“Udderly” Brilliant: How Your Cheesecake May Soon Come From This Remote Dairy
A Young Family Leads the Way in Establishing a Dairy Farm in Israel’s Remote Northwestern Negev
By Eva Weiss
As Jewish communities around the world celebrate Shavuot, did we ever stop to think where all of our delicious dairy delicacies come from?
Benzi Hochstein’s first experience as a junior dairyman came when he was just 13, when he was assigned chores in caring for the cows in the sheds of Gush Katif, the farming community where his family moved when he was a child.
Benzi was born in the Old City of Jerusalem and struggled with the demands of conventional classrooms. He discovered his talents as a young farmer when his family moved to Gush Katif. Although he and his family were evacuated from their agricultural community when Israel disengaged from Gaza, he retained his enthusiasm for dairy farming and his attachment to Israel’s southern desert landscapes.
Benzi earned a degree in agriculture at the Ruppin Technological College and met his wife, Shimrit, who grew up in a northern kibbutz and shared his passion for agricultural studies.
Shimrit helped Benzi advance in his studies, and she became a specialist in managing cow herds. Today, they are parents of four young children and, as a family, have joined the founding generation of a new agricultural-ecological enterprise at the edge of the Gaza border, within seven aerial kilometers (four miles) of the now destroyed community which Benzi and his family were forced to leave in 2005.
Halutza (the root of its Hebrew name is halutz, pioneer), a community supported by Jewish National Fund-USA (JNF-USA) was established well over a decade ago on uninhabited land that many thought couldn’t be cultivated. Yet the 30 founding families, and the JNF-USA visionaries who planned this enterprise, believed otherwise.
Today, their partnership with JNF-USA has created infrastructures, prefabricated homes, and built hundreds of greenhouses and solar energy panel fields. Today, Benzi, Shimirt, and their children are among the 2,500 residents of three Halutza communities in the region: Naveh, Bnei Netzarim, and Shlomit.
Benzi was charged with establishing a dairy farm that, in accordance with JNF-USA’s master plan, will serve as an economic engine for Halutza.
The 450 cows, the first bovine members of the community, are being acquired from dairy farms in the Negev region.
In addition, while the farm will have a high degree of automation, Benzi must find humans to support the farm’s operations. This includes the formidable task of recruiting farm hands from the region who have the dedication and energies to keep pace with the demanding daily routines of caring for the cows. Farmhands must support a range of tasks from feeding to milking (done via automation) while maintaining hygiene. They must also support composting the manure.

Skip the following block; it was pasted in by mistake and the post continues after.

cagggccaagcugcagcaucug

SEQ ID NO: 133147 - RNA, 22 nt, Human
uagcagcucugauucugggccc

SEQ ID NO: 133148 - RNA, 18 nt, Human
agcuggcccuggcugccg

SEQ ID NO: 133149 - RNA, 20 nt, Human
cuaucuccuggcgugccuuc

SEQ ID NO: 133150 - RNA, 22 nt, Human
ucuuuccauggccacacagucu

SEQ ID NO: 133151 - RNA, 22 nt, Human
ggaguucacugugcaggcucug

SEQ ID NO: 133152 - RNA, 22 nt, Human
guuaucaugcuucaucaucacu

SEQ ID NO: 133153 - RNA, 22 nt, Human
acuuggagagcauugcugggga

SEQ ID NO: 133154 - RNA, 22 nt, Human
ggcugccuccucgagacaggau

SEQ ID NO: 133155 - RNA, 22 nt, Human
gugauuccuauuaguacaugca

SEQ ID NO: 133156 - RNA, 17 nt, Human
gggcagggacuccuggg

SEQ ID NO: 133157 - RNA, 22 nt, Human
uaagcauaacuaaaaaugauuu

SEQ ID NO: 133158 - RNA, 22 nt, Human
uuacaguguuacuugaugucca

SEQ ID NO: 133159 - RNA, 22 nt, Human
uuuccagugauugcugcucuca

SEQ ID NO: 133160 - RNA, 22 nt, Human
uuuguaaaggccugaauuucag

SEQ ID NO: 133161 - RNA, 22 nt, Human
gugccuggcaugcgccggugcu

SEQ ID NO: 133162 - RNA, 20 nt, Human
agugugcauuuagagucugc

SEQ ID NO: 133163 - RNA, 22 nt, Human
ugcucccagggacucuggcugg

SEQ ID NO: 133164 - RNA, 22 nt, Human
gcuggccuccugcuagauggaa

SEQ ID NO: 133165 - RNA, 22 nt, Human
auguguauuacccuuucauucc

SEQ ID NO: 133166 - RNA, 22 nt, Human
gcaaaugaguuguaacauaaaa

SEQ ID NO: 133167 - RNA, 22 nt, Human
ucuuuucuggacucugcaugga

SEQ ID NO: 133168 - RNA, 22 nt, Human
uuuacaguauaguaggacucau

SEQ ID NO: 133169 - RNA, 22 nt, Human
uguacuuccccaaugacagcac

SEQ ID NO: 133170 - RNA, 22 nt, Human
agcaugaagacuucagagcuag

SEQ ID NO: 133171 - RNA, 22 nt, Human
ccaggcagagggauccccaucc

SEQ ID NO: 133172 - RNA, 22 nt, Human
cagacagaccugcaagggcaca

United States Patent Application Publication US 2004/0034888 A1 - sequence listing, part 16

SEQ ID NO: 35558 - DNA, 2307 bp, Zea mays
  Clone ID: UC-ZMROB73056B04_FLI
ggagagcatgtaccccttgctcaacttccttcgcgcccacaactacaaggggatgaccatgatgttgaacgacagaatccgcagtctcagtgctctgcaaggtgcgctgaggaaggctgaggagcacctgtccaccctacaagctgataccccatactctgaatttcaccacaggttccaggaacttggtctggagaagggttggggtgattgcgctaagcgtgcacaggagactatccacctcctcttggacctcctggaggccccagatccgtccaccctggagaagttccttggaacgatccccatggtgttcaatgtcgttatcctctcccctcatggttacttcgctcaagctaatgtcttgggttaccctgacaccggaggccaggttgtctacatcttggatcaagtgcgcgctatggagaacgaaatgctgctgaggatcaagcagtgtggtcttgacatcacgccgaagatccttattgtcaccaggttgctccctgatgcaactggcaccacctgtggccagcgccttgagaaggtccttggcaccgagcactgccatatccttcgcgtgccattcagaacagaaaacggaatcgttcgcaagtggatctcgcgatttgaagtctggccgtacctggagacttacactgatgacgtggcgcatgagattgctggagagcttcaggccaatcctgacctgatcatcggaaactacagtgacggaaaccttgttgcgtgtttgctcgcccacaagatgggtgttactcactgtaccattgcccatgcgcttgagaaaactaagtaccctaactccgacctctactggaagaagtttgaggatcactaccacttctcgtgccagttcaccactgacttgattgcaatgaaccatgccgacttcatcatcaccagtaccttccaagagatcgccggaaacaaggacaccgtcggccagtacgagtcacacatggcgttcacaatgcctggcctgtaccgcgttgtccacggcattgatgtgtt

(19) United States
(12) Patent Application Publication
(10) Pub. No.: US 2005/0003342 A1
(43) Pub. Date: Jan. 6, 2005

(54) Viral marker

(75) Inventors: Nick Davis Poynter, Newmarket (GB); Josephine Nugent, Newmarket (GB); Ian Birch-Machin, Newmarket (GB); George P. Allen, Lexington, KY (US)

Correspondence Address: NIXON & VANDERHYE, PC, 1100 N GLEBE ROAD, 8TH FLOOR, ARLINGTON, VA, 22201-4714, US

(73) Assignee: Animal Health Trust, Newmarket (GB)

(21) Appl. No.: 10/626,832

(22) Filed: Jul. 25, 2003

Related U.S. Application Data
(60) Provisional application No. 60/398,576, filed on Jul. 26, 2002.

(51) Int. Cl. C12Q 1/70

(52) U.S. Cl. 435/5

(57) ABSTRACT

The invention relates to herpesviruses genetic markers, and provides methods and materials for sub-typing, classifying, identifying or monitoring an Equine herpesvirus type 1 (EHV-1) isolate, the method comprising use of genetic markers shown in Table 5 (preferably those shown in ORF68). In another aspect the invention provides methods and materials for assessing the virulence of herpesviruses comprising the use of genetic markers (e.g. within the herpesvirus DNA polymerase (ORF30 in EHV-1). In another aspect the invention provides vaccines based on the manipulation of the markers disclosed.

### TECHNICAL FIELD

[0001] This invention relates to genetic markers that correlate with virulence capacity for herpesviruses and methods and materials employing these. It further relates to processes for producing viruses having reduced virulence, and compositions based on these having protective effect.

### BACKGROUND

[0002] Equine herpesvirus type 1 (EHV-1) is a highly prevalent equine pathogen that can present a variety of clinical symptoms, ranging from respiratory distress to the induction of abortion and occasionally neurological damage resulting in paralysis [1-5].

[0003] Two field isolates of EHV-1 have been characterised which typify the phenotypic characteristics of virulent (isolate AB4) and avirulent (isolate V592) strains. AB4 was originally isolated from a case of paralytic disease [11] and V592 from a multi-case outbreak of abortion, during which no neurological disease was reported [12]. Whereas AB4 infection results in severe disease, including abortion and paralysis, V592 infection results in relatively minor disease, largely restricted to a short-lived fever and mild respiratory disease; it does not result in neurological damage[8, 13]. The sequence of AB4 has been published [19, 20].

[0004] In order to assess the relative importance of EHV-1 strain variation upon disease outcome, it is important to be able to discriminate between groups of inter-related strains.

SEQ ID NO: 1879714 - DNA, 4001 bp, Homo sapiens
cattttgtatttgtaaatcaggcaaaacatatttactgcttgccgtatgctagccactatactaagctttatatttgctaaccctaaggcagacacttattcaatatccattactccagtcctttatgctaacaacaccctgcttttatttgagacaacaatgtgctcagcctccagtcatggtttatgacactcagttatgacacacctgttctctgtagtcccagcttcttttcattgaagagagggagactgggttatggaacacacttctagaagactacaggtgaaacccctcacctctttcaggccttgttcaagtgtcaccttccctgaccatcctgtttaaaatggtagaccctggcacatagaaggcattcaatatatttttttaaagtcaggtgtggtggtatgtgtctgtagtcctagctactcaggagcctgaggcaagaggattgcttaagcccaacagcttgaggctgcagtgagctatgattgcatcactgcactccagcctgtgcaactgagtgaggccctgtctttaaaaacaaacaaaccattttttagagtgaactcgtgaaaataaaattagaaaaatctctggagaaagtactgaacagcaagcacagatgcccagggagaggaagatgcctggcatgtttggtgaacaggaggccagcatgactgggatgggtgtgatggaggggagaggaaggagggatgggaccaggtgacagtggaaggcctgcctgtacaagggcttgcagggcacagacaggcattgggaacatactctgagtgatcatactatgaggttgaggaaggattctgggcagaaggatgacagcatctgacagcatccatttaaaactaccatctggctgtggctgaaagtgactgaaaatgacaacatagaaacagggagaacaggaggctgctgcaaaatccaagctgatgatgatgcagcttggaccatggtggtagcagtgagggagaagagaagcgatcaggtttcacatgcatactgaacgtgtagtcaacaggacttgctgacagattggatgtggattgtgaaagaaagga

And while the infrastructure for the dairy farm is nearly complete, the process of making incoming cows feel at home is unexpectedly complex. Shimrit notes that cows have their own social hierarchy, with dominant figures and those who are, well, cowed by their superiors. Those who oversee the female herds do their best to keep stress to a minimum, because tranquility keeps milk production to a maximum.
Israel’s climate and topography do not offer the option for grazing, either in Halutza or other regions in the country. However, given that it is possible to make more land available to the dairy farm in Halutza, the cows will enjoy a spacious 22 square meters (nearly 237 square feet) of space for their personal living quarters, more room than afforded to most of their peers in other densely populated regions of Israel.
The new dairy farm at Halutza will utilize Israel’s most advanced technologies, including state-of-the-art sensors (to measure the cows’ body temperature, ovulation, and even tracking their movements).
These new technologies will be the next steps forward alongside the computerized milking, feeding, and cow-cooling systems that are now characteristic of the Israeli dairy industry. Advances over the years have enabled Israeli dairies to dramatically increase milk production since the 1950s. Today, Israel’s annual milk production is about 1.6 billion liters (.4 billion gallons) per year, making Israel a leader in efficiency and sustainability in global dairy farming.
Halutza’s dairy farm will be the newest of the initiatives already underway (others include an incubator for young farmers). It is anticipated that Halutza’s farming projects will be a source for agricultural tourism, drawing visitors from Israel and overseas to become acquainted with twenty-first century farming techniques.
The Hochsteins look forward to introducing their own young children to the wonders and routines of dairy farming. Over time, the dream is for Halutza to become Israel’s largest dairy farm. That vision will move forward one “hoof” at a time or “para-para,” in the Hebrew idiom, one cow at a time.
To support pioneering communities in Israel’s south, visit my.jnf.org/halutza